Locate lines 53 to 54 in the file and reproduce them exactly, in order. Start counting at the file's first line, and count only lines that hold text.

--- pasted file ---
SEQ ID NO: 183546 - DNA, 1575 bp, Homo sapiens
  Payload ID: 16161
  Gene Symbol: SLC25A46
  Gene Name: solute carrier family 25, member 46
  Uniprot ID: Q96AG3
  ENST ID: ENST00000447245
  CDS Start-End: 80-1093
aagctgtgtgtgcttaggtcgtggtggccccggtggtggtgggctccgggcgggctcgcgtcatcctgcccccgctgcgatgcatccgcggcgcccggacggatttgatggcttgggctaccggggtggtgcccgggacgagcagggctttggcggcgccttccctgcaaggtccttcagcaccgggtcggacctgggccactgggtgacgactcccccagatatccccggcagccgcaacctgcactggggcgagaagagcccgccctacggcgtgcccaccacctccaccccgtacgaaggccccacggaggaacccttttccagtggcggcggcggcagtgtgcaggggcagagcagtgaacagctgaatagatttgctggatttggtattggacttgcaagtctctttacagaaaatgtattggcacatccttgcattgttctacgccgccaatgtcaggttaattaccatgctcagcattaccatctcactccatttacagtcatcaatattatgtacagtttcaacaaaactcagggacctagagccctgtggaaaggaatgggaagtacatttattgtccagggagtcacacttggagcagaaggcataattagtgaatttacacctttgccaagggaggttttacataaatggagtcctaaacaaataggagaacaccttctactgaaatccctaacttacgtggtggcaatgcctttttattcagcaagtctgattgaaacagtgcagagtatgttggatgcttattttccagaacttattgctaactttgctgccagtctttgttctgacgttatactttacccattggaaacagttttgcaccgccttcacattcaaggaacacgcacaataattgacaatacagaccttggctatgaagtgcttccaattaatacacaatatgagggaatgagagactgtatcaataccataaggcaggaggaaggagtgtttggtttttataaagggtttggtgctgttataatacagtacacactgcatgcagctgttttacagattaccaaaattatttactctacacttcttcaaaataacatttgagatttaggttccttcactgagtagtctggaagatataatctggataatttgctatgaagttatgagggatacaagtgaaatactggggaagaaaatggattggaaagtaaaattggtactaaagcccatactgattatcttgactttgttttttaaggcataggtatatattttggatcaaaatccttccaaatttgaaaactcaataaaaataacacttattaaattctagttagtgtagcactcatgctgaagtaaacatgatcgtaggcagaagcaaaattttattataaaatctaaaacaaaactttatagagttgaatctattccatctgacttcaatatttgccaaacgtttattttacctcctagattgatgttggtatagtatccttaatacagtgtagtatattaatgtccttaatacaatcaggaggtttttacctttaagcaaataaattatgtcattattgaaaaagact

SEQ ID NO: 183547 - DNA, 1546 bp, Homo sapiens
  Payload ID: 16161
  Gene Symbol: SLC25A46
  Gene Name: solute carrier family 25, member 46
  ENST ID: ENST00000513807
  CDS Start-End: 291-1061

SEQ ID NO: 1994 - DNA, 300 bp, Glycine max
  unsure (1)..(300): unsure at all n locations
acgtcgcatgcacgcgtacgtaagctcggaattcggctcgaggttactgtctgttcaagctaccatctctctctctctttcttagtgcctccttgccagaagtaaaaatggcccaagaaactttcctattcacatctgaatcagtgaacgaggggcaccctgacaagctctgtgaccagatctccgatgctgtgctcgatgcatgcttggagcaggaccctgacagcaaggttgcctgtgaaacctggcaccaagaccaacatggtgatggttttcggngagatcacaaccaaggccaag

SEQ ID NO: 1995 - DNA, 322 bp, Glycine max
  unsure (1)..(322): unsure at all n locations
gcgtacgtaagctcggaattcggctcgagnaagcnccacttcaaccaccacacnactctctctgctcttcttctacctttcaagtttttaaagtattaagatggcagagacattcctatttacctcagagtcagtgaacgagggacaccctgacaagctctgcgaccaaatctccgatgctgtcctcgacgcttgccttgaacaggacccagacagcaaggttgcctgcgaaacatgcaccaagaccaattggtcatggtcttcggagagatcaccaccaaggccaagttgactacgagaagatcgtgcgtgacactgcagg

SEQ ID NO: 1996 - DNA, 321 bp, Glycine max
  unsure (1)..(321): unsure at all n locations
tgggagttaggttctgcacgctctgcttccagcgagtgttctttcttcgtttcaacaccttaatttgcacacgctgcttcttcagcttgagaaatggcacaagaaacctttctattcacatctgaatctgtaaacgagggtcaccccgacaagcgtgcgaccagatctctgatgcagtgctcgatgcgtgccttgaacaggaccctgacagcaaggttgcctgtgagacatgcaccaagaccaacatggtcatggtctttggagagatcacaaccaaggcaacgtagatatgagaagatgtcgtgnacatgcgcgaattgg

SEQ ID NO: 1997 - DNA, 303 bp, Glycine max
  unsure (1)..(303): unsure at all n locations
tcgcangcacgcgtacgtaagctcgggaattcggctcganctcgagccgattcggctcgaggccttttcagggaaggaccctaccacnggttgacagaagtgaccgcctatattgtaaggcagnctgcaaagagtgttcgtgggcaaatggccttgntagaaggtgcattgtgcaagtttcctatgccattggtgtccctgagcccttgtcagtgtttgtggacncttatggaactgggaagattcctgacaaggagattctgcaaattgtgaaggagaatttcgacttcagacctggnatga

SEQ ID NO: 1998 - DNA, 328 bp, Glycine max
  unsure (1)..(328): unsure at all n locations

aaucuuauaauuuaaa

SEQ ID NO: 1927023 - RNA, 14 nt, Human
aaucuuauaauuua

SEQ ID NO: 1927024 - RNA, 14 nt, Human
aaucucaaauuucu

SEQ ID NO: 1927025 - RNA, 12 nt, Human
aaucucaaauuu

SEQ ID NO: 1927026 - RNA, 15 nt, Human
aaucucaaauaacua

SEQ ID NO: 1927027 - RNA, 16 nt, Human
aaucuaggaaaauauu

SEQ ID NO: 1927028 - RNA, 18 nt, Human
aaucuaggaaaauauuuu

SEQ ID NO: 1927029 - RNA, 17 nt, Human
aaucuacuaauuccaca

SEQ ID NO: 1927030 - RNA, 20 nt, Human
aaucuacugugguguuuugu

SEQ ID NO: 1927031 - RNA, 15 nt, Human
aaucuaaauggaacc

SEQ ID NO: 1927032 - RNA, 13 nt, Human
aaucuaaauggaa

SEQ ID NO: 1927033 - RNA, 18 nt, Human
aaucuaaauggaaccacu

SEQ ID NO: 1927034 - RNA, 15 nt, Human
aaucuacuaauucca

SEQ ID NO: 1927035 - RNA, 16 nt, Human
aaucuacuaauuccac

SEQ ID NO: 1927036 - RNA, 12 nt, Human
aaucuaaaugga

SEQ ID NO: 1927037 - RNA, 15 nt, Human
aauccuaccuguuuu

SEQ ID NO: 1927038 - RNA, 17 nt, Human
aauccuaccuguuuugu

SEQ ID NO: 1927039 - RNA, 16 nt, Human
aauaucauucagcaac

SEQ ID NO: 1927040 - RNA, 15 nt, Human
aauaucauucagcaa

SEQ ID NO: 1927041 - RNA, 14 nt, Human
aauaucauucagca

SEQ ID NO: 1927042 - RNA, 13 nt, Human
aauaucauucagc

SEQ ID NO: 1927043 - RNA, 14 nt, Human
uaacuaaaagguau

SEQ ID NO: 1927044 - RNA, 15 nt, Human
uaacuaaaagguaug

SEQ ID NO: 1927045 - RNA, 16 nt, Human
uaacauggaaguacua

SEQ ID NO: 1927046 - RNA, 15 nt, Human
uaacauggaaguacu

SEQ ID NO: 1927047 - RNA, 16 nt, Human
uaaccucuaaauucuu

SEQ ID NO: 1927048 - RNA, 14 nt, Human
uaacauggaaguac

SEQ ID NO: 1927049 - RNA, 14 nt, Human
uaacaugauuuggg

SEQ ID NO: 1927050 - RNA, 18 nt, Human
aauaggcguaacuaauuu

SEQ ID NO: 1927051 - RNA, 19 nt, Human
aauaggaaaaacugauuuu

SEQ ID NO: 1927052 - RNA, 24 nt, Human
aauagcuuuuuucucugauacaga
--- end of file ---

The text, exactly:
aaucuacuaauucca

SEQ ID NO: 1927035 - RNA, 16 nt, Human